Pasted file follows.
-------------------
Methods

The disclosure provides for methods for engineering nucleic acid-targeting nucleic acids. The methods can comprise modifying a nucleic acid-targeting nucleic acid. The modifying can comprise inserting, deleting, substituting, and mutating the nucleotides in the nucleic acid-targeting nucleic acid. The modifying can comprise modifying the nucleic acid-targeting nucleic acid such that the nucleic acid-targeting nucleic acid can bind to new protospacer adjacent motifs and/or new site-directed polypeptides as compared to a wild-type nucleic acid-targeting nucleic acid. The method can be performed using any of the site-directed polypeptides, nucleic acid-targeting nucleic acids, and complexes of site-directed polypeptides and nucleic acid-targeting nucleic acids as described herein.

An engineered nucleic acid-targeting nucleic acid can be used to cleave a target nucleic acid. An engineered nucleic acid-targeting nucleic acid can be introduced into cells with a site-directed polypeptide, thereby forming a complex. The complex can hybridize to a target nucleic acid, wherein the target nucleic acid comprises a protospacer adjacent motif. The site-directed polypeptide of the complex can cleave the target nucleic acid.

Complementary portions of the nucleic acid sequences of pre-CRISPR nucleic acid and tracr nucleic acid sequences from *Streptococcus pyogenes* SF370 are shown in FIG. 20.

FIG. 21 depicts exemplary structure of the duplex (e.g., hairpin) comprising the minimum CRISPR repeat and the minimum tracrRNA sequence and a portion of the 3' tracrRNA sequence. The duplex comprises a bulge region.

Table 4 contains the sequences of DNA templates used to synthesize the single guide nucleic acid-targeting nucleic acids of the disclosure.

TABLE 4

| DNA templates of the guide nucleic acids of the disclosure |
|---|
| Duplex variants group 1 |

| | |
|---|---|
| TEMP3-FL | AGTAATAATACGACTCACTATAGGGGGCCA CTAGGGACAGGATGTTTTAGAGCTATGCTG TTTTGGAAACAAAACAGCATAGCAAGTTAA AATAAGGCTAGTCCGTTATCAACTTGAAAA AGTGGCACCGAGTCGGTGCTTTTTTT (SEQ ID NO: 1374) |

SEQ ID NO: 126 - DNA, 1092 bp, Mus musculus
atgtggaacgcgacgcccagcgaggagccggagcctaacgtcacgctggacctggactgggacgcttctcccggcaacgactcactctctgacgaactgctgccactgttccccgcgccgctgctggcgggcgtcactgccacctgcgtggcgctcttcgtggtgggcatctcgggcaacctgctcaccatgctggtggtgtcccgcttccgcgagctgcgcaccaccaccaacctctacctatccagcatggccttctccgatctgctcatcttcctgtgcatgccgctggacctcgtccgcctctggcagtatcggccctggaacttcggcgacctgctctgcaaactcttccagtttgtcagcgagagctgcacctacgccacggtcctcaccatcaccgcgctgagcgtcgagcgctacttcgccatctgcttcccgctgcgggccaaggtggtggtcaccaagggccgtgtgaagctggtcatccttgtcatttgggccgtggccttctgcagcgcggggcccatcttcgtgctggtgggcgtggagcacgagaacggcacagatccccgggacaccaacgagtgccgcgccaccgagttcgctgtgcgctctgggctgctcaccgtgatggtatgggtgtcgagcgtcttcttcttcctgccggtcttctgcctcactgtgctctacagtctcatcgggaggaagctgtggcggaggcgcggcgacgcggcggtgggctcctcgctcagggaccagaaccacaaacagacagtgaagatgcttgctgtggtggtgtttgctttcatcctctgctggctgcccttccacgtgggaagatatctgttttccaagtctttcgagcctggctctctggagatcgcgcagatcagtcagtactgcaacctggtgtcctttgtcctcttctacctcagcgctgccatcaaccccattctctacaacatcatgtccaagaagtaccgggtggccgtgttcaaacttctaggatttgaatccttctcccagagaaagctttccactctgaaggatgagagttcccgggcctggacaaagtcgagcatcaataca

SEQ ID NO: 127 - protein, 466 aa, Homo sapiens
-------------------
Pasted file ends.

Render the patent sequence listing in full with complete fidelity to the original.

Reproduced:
Methods

The disclosure provides for methods for engineering nucleic acid-targeting nucleic acids. The methods can comprise modifying a nucleic acid-targeting nucleic acid. The modifying can comprise inserting, deleting, substituting, and mutating the nucleotides in the nucleic acid-targeting nucleic acid. The modifying can comprise modifying the nucleic acid-targeting nucleic acid such that the nucleic acid-targeting nucleic acid can bind to new protospacer adjacent motifs and/or new site-directed polypeptides as compared to a wild-type nucleic acid-targeting nucleic acid. The method can be performed using any of the site-directed polypeptides, nucleic acid-targeting nucleic acids, and complexes of site-directed polypeptides and nucleic acid-targeting nucleic acids as described herein.

An engineered nucleic acid-targeting nucleic acid can be used to cleave a target nucleic acid. An engineered nucleic acid-targeting nucleic acid can be introduced into cells with a site-directed polypeptide, thereby forming a complex. The complex can hybridize to a target nucleic acid, wherein the target nucleic acid comprises a protospacer adjacent motif. The site-directed polypeptide of the complex can cleave the target nucleic acid.

Complementary portions of the nucleic acid sequences of pre-CRISPR nucleic acid and tracr nucleic acid sequences from *Streptococcus pyogenes* SF370 are shown in FIG. 20.

FIG. 21 depicts exemplary structure of the duplex (e.g., hairpin) comprising the minimum CRISPR repeat and the minimum tracrRNA sequence and a portion of the 3' tracrRNA sequence. The duplex comprises a bulge region.

Table 4 contains the sequences of DNA templates used to synthesize the single guide nucleic acid-targeting nucleic acids of the disclosure.

TABLE 4

| DNA templates of the guide nucleic acids of the disclosure |
|---|
| Duplex variants group 1 |

| | |
|---|---|
| TEMP3-FL | AGTAATAATACGACTCACTATAGGGGGCCA CTAGGGACAGGATGTTTTAGAGCTATGCTG TTTTGGAAACAAAACAGCATAGCAAGTTAA AATAAGGCTAGTCCGTTATCAACTTGAAAA AGTGGCACCGAGTCGGTGCTTTTTTT (SEQ ID NO: 1374) |

SEQ ID NO: 126 - DNA, 1092 bp, Mus musculus
atgtggaacgcgacgcccagcgaggagccggagcctaacgtcacgctggacctggactgggacgcttctcccggcaacgactcactctctgacgaactgctgccactgttccccgcgccgctgctggcgggcgtcactgccacctgcgtggcgctcttcgtggtgggcatctcgggcaacctgctcaccatgctggtggtgtcccgcttccgcgagctgcgcaccaccaccaacctctacctatccagcatggccttctccgatctgctcatcttcctgtgcatgccgctggacctcgtccgcctctggcagtatcggccctggaacttcggcgacctgctctgcaaactcttccagtttgtcagcgagagctgcacctacgccacggtcctcaccatcaccgcgctgagcgtcgagcgctacttcgccatctgcttcccgctgcgggccaaggtggtggtcaccaagggccgtgtgaagctggtcatccttgtcatttgggccgtggccttctgcagcgcggggcccatcttcgtgctggtgggcgtggagcacgagaacggcacagatccccgggacaccaacgagtgccgcgccaccgagttcgctgtgcgctctgggctgctcaccgtgatggtatgggtgtcgagcgtcttcttcttcctgccggtcttctgcctcactgtgctctacagtctcatcgggaggaagctgtggcggaggcgcggcgacgcggcggtgggctcctcgctcagggaccagaaccacaaacagacagtgaagatgcttgctgtggtggtgtttgctttcatcctctgctggctgcccttccacgtgggaagatatctgttttccaagtctttcgagcctggctctctggagatcgcgcagatcagtcagtactgcaacctggtgtcctttgtcctcttctacctcagcgctgccatcaaccccattctctacaacatcatgtccaagaagtaccgggtggccgtgttcaaacttctaggatttgaatccttctcccagagaaagctttccactctgaaggatgagagttcccgggcctggacaaagtcgagcatcaataca

SEQ ID NO: 127 - protein, 466 aa, Homo sapiens